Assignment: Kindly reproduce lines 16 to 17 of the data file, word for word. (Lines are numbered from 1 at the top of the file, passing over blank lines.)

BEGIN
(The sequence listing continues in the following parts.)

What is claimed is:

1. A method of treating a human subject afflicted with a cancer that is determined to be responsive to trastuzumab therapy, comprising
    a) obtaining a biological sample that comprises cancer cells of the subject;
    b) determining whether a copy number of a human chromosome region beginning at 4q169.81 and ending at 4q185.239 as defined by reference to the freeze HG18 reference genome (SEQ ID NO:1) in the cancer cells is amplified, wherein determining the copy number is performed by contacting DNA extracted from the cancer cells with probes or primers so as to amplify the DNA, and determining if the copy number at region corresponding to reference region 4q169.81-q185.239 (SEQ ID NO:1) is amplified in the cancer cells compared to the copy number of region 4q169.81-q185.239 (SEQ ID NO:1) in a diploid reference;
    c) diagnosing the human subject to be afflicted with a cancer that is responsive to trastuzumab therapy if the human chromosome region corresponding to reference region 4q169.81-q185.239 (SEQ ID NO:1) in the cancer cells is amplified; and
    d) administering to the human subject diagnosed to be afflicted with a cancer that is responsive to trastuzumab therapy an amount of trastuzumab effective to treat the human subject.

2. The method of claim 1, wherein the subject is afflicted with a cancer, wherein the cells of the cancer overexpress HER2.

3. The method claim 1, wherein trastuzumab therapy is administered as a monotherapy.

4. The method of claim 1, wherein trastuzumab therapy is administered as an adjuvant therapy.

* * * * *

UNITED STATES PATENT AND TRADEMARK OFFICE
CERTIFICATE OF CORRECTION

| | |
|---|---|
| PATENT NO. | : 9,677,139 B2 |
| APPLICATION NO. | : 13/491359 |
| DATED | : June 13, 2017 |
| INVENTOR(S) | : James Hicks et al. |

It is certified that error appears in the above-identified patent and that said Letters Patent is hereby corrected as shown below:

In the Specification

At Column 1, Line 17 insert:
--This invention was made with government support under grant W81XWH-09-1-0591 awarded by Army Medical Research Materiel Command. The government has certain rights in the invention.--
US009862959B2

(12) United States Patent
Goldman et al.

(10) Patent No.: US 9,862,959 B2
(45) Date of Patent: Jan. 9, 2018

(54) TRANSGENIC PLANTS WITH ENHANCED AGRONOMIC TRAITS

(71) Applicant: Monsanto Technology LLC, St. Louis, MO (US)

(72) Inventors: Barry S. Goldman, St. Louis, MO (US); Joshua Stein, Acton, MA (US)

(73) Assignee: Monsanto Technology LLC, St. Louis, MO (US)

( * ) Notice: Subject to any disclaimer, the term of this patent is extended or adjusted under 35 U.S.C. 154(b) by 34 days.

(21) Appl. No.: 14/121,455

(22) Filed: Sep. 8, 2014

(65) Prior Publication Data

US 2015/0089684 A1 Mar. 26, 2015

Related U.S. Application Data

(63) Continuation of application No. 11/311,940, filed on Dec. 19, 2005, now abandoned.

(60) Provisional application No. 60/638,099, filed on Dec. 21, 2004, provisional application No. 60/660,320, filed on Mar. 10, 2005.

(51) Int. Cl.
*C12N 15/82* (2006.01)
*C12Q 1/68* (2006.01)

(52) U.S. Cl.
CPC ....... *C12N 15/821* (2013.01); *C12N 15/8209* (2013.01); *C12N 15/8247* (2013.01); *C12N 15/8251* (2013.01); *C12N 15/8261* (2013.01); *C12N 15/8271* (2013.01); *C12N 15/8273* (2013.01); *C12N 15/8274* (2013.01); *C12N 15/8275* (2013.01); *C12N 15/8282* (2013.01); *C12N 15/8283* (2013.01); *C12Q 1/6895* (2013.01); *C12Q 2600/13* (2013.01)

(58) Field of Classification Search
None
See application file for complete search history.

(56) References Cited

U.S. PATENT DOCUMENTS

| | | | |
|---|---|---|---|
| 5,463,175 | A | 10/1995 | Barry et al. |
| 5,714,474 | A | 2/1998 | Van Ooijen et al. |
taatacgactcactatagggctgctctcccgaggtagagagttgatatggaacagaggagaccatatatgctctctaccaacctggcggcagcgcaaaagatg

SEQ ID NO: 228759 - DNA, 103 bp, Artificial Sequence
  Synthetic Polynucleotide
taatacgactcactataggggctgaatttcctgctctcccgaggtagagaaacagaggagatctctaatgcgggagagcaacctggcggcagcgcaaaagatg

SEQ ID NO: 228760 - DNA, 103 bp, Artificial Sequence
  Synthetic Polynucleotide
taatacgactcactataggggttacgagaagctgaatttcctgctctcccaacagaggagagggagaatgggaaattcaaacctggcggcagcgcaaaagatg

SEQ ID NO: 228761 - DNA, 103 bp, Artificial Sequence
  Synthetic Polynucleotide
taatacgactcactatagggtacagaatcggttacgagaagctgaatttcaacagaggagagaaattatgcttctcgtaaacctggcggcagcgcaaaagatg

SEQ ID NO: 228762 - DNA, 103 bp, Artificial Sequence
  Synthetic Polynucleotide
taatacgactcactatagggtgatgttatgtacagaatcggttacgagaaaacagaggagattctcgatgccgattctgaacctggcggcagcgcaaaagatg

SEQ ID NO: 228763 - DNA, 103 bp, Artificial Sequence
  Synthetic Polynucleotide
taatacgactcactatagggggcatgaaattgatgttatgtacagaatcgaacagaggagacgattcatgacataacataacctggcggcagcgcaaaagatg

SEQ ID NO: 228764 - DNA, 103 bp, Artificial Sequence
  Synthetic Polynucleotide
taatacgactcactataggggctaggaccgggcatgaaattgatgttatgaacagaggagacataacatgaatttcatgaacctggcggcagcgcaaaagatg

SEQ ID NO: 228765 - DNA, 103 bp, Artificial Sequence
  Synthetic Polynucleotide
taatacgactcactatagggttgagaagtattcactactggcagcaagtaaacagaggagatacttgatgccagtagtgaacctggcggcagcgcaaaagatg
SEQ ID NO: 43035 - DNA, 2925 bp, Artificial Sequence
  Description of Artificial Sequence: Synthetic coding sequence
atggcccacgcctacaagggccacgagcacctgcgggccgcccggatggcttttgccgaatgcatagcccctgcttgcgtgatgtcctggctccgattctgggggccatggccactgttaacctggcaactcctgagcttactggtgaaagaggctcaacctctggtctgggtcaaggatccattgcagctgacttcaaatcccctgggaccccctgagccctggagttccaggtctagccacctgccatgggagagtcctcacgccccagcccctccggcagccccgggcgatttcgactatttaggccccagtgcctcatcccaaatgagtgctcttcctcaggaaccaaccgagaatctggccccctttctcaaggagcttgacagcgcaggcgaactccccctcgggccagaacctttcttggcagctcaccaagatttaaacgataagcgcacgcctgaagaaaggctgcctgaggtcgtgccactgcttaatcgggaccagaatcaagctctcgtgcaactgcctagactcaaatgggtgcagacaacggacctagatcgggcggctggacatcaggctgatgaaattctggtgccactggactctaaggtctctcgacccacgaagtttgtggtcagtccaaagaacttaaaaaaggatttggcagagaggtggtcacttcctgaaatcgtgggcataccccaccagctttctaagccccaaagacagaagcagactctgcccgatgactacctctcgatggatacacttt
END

| PATENT NO. | : 9,677,139 B2 |
| APPLICATION NO. | : 13/491359 |